Entertainment » Celebrities

Trevor Project Holds NextGen Prom in LA

by Winnie McCroy
EDGE Editor
Thursday May 29, 2014

When you think back to your high school days, do you mostly remember dodging bullies, longing to fit in, wishing you could bring your crush to homecoming or the prom? Well now you can! The Trevor Project invites all folks of legal drinking age to attend their third annual Trevor NextGen Prom 2014, a fundraiser supporting the group's lifesaving work for LGBTQ youth. The event will be held on Saturday, May 31 on the rooftop of the Petersen Automotive Museum in Los Angeles.

"When we started the Trevor NextGen program in the fall of 2010, we were looking for a way to tie it back to our youth. So we thought hosting a series of high school-themed events would be good," said co-host Grant Sloss. "We started with homecoming that fall, and did a prom in the spring. It has been a good way to tie it back to the youth that we serve through the crisis hotline."

Sloss and his co-host Adam Hunt note that for a lot of kids, prom was not a celebration, but a reminder that they are different. This nightlife event isn't geared for current high schoolers, but for those people, both gay and straight, who want to help support Trevor's programs and get involved to help save lives.

"The Trevor Project has a number of great programs, and the most famous one is the Trevor Lifeline," said Hunt. "It costs about $15 per average per phone call, and helps a youth make it through another day, so maybe they can go to their own prom. That's the service that w really started out with, but because of our supporters over the last 15 years, we are also able to have Trevor Texts, where you immediately text and get a response."

The organization has also added options like Trevor Chat, an instant messaging support program, plus educational initiatives like the Trevor LifeGaurd workshop, where they go to schools to talk to students about bullying and tolerance. They are also a growing presence in Washington, DC, lobbying for LGBT-inclusive legislation.

"I think we’re getting there," said Sloss, "but the influx of calls that the Trevor Project still gets to this day suggests we’re not fully there, that there are kids being ostracized and left out. If we can call that out and shine a light on it with a night like this, that’s all we can hope for."

And what a night it will be! The event will be hosted by YouTube celebs Jessica and Hunter, and include special performances by singer/songwriter Eli Lieb (Young Love) and RuPaul’s Drag Race favorite Shangela.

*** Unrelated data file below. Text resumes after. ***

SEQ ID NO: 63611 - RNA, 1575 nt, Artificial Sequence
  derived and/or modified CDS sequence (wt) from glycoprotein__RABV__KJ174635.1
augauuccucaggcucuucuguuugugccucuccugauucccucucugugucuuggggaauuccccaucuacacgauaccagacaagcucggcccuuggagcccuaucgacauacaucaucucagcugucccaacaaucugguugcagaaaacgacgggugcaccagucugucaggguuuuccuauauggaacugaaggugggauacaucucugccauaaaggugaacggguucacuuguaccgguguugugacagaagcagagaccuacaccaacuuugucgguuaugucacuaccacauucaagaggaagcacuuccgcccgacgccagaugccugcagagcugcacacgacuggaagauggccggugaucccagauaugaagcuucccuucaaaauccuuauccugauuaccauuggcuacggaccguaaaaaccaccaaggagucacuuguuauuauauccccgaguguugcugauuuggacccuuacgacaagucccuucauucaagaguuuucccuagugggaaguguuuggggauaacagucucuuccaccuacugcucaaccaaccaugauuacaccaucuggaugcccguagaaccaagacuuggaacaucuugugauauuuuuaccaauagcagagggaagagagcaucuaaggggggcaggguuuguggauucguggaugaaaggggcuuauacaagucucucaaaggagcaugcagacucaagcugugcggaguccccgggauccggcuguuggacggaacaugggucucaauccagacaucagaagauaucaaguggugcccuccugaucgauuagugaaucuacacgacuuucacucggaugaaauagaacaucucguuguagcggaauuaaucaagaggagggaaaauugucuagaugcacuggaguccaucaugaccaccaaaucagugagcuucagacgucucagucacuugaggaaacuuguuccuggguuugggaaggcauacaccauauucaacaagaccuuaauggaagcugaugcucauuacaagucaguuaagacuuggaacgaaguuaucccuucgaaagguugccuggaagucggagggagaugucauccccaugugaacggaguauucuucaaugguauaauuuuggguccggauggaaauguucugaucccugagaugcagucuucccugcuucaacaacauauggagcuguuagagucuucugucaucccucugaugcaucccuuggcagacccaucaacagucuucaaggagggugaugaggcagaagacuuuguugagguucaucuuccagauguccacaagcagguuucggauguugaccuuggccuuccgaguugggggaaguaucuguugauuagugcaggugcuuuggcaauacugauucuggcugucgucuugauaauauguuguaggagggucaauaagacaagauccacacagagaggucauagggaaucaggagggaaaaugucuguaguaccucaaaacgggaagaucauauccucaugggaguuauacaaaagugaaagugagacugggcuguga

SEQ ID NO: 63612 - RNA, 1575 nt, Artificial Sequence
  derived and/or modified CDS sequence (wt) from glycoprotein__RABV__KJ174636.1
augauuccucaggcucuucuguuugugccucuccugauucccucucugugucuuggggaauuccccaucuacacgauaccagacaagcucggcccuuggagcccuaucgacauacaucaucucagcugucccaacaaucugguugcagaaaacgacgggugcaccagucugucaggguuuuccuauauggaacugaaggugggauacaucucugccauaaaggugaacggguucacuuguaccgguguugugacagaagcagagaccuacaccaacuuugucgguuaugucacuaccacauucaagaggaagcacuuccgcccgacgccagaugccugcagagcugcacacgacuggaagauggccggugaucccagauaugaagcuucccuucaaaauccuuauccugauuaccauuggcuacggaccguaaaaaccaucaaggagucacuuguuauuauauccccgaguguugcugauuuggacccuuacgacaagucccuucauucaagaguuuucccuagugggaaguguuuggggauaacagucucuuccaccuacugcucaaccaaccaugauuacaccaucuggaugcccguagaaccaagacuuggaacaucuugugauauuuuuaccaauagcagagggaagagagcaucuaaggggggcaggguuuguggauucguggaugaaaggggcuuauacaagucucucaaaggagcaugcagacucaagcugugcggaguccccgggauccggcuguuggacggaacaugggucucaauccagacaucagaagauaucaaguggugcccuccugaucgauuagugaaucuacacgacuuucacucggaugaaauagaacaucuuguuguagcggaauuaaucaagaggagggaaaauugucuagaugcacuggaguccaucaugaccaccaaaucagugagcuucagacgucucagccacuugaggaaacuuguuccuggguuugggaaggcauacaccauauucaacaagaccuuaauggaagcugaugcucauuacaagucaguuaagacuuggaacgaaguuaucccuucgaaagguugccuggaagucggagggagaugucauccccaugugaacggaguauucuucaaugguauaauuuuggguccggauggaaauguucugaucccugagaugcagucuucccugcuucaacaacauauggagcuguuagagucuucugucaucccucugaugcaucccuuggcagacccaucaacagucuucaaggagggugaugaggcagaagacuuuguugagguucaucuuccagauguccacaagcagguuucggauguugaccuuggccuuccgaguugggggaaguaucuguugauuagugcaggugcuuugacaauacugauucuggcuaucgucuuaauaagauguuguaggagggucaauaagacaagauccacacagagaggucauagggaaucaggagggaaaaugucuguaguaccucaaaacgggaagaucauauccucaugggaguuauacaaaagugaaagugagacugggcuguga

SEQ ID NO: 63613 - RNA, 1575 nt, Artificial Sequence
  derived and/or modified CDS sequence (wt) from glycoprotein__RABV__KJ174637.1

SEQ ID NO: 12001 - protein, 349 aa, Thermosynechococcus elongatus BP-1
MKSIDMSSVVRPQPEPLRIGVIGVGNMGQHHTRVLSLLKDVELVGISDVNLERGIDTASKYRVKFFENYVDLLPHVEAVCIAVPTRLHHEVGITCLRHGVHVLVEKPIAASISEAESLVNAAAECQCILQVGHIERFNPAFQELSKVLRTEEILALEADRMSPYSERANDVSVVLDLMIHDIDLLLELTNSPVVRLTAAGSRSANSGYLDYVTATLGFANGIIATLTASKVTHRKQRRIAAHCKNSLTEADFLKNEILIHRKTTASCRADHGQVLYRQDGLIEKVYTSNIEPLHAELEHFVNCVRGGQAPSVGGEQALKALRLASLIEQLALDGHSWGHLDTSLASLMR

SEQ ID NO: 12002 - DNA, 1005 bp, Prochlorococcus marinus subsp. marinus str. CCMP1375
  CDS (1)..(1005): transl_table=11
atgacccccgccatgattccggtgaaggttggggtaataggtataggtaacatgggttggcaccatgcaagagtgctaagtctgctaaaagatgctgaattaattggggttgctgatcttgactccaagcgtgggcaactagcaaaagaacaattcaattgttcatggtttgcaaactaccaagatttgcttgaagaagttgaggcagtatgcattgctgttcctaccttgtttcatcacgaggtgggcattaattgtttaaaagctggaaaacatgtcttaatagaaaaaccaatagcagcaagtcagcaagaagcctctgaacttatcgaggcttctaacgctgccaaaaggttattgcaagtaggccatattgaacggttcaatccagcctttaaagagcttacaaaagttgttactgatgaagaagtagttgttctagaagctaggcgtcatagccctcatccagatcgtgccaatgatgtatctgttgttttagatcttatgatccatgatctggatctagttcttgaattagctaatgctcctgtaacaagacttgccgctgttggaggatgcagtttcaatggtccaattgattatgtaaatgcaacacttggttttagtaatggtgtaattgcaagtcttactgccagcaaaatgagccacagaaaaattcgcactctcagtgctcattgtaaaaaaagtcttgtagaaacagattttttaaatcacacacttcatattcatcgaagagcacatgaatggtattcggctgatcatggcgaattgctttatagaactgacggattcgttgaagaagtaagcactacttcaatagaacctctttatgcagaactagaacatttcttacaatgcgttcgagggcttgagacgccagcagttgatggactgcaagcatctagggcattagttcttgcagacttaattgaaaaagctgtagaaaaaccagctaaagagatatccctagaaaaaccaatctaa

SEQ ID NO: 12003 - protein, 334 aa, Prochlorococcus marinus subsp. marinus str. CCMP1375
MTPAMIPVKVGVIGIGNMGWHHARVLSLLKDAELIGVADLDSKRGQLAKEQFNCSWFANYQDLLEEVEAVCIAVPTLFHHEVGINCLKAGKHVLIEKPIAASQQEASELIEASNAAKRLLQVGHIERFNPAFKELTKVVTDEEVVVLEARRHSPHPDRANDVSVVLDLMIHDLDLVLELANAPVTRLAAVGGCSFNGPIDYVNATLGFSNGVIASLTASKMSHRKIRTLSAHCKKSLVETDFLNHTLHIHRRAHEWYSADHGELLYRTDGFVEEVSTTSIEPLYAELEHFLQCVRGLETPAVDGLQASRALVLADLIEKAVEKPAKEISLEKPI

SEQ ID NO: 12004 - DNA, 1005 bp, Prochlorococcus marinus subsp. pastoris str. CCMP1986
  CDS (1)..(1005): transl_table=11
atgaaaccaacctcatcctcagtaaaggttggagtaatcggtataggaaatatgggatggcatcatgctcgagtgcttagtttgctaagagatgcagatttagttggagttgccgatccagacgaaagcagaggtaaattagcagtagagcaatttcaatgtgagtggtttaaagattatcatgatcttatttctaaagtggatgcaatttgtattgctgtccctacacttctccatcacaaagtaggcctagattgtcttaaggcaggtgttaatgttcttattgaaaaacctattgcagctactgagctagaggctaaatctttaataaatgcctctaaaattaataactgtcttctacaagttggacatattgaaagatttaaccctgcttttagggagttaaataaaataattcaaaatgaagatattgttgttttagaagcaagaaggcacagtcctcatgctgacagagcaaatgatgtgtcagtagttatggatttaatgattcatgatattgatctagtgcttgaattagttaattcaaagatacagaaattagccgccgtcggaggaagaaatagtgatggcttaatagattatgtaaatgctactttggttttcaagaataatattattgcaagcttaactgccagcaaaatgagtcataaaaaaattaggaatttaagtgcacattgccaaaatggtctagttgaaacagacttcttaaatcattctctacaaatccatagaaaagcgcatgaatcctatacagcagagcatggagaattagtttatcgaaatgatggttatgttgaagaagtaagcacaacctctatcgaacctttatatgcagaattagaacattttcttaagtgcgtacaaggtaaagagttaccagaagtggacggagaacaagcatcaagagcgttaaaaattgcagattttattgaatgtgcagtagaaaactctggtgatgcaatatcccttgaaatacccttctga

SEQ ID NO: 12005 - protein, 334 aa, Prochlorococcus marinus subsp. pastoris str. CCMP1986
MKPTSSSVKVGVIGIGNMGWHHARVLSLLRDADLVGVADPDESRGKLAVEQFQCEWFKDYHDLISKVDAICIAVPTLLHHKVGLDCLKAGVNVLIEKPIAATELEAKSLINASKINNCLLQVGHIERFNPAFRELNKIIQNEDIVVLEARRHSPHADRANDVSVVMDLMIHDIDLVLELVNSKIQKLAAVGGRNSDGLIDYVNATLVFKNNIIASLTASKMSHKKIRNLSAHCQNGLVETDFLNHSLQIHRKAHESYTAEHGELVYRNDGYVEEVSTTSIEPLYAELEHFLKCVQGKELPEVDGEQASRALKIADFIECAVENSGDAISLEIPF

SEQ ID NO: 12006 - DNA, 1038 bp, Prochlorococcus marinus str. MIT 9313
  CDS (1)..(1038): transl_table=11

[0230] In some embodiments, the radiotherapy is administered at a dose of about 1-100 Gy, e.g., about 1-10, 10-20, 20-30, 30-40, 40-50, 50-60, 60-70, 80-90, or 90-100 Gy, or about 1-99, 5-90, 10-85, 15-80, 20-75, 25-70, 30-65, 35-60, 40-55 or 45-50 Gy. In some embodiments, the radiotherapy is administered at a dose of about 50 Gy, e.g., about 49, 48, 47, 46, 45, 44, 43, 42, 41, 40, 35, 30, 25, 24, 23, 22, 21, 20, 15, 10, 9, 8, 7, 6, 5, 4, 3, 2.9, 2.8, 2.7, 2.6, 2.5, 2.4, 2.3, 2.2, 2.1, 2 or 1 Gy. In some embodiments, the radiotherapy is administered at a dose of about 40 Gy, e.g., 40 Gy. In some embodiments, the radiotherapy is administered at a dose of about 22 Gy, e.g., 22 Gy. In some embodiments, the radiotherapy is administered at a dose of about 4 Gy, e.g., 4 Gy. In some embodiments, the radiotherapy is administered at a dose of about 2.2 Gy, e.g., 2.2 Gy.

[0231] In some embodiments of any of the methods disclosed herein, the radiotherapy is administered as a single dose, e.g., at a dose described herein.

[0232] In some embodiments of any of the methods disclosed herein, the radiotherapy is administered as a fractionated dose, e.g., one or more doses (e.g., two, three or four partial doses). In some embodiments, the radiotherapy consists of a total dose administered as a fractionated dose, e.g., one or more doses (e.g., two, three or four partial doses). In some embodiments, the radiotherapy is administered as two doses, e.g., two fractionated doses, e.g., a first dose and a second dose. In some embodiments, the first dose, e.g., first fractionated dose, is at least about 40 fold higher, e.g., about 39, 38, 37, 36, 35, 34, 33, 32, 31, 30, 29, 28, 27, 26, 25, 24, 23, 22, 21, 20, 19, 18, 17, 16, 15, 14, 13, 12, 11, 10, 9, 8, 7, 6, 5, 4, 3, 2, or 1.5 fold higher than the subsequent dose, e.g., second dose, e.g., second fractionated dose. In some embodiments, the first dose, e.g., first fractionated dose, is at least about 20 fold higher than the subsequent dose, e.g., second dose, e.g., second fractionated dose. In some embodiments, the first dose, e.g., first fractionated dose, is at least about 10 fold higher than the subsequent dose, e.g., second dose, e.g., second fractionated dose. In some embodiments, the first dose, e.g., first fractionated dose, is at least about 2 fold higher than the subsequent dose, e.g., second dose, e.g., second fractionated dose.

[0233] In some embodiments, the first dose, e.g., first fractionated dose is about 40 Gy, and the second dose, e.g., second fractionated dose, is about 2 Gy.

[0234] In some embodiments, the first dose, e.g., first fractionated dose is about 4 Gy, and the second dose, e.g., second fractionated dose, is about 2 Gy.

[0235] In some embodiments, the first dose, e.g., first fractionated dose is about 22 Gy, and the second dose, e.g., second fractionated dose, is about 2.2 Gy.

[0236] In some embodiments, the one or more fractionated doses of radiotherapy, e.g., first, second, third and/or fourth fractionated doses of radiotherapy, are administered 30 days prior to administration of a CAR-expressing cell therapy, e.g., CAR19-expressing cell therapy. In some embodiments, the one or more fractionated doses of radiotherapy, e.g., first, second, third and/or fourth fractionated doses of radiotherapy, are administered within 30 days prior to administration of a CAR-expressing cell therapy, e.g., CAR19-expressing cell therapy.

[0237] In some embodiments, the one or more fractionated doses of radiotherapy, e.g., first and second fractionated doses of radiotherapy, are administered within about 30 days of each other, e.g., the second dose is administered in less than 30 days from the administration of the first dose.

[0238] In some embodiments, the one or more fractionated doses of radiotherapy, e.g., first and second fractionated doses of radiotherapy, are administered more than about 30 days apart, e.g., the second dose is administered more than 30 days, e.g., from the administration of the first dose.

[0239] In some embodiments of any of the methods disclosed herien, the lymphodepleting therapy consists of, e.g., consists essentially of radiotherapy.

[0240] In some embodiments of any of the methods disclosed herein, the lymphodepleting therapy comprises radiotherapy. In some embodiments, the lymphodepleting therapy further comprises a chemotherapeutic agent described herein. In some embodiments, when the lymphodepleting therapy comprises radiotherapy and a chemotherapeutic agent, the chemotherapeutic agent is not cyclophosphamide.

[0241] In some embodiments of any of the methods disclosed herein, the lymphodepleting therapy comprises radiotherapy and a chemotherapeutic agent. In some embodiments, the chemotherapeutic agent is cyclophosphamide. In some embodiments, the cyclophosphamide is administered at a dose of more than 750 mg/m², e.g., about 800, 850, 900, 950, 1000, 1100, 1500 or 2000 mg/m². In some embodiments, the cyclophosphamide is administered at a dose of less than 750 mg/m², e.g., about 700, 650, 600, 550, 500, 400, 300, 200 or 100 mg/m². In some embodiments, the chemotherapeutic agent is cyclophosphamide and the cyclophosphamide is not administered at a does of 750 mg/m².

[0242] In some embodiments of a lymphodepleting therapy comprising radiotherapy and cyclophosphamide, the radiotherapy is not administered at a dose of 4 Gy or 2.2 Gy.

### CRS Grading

"Plus, attendees have the opportunity to win a date to the prom with Kelli Osbourne, who graciously agreed to attend the event!" said Sloss.

Hunt said that if people were interested in sponsoring the event, they could reach out to the Trevor Project for corporate sponsorship, as these companies have done: Absolut, MillerCoors, Kraken Spice Rum, Boodles Gin, Dobel Tequila. Uber, and Simmons Murphy Designs.

Individuals who want to give back can make a donation, buy a ticket online and let organizers know they they are donating it back to the cause, or donate an amount of their choice to the Kelli Osbourne competition, and let organizers know they won’t be attending.

The Trevor Project is the leading national organization providing crisis intervention and suicide prevention services to LGBTQ young people under the age of 24. The organization’s life-saving work is supported by volunteers who represent a diverse network of socially conscious, up-and-coming young leaders called Trevor NextGen. Honored by the White House as a "Champion of Change," the Trevor Project is a leader and innovator in suicide prevention.

"As we have more of a presence on social media, we can reach out to parts of the country who didn’t know of our existence before," said Hunt. "We have more callers every year, because kids are learning about us. And there are TV shows, movies and a gay presence that we didn’t have when we were younger, like ’Glee’ or MTV’s ’Faking It,’ that shows LGBTs winning prom court or king and queen. These shows are helping improve things, but we still have a lot of work to do."

For more information, visit TheTrevorProject.org, or join Trevor NextGen on Facebook at facebook.com/TrevorNextGenLA

Winnie McCroy is the Women on the EDGE Editor, HIV/Health Editor, and Assistant Entertainment Editor for EDGE Media Network, handling all women's news, HIV health stories and theater reviews throughout the U.S. She has contributed to other publications, including The Village Voice, Gay City News, Chelsea Now and The Advocate, and lives in Brooklyn, New York.


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